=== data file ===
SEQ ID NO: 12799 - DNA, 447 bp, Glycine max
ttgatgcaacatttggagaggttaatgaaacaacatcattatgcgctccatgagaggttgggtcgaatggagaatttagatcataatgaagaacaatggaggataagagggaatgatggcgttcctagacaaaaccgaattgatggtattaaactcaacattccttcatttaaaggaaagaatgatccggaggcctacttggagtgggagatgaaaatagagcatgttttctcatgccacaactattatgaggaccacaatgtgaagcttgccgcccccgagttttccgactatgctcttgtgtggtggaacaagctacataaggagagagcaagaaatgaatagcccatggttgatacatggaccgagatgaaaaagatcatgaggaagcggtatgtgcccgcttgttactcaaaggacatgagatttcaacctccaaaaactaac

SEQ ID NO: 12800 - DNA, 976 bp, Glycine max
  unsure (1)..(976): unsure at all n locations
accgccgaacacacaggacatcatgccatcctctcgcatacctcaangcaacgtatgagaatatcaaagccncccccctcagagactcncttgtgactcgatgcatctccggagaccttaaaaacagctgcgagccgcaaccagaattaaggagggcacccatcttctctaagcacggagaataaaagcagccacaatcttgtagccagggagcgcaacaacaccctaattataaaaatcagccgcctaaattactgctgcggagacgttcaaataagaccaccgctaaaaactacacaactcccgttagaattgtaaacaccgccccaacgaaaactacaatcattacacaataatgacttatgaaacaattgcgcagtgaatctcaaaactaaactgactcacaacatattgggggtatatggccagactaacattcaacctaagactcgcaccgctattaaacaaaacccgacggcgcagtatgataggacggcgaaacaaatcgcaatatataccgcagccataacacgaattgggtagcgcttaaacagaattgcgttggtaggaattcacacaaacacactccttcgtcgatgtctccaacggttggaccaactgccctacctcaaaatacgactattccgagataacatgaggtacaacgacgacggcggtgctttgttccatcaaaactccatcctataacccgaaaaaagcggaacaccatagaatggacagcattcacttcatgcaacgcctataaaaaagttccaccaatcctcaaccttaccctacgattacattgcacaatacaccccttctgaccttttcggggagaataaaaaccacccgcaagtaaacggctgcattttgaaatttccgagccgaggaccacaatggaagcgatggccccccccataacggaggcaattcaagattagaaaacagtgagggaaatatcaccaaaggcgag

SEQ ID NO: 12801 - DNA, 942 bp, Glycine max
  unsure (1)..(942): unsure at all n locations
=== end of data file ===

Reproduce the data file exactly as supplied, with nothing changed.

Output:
SEQ ID NO: 12799 - DNA, 447 bp, Glycine max
ttgatgcaacatttggagaggttaatgaaacaacatcattatgcgctccatgagaggttgggtcgaatggagaatttagatcataatgaagaacaatggaggataagagggaatgatggcgttcctagacaaaaccgaattgatggtattaaactcaacattccttcatttaaaggaaagaatgatccggaggcctacttggagtgggagatgaaaatagagcatgttttctcatgccacaactattatgaggaccacaatgtgaagcttgccgcccccgagttttccgactatgctcttgtgtggtggaacaagctacataaggagagagcaagaaatgaatagcccatggttgatacatggaccgagatgaaaaagatcatgaggaagcggtatgtgcccgcttgttactcaaaggacatgagatttcaacctccaaaaactaac

SEQ ID NO: 12800 - DNA, 976 bp, Glycine max
  unsure (1)..(976): unsure at all n locations
accgccgaacacacaggacatcatgccatcctctcgcatacctcaangcaacgtatgagaatatcaaagccncccccctcagagactcncttgtgactcgatgcatctccggagaccttaaaaacagctgcgagccgcaaccagaattaaggagggcacccatcttctctaagcacggagaataaaagcagccacaatcttgtagccagggagcgcaacaacaccctaattataaaaatcagccgcctaaattactgctgcggagacgttcaaataagaccaccgctaaaaactacacaactcccgttagaattgtaaacaccgccccaacgaaaactacaatcattacacaataatgacttatgaaacaattgcgcagtgaatctcaaaactaaactgactcacaacatattgggggtatatggccagactaacattcaacctaagactcgcaccgctattaaacaaaacccgacggcgcagtatgataggacggcgaaacaaatcgcaatatataccgcagccataacacgaattgggtagcgcttaaacagaattgcgttggtaggaattcacacaaacacactccttcgtcgatgtctccaacggttggaccaactgccctacctcaaaatacgactattccgagataacatgaggtacaacgacgacggcggtgctttgttccatcaaaactccatcctataacccgaaaaaagcggaacaccatagaatggacagcattcacttcatgcaacgcctataaaaaagttccaccaatcctcaaccttaccctacgattacattgcacaatacaccccttctgaccttttcggggagaataaaaaccacccgcaagtaaacggctgcattttgaaatttccgagccgaggaccacaatggaagcgatggccccccccataacggaggcaattcaagattagaaaacagtgagggaaatatcaccaaaggcgag

SEQ ID NO: 12801 - DNA, 942 bp, Glycine max
  unsure (1)..(942): unsure at all n locations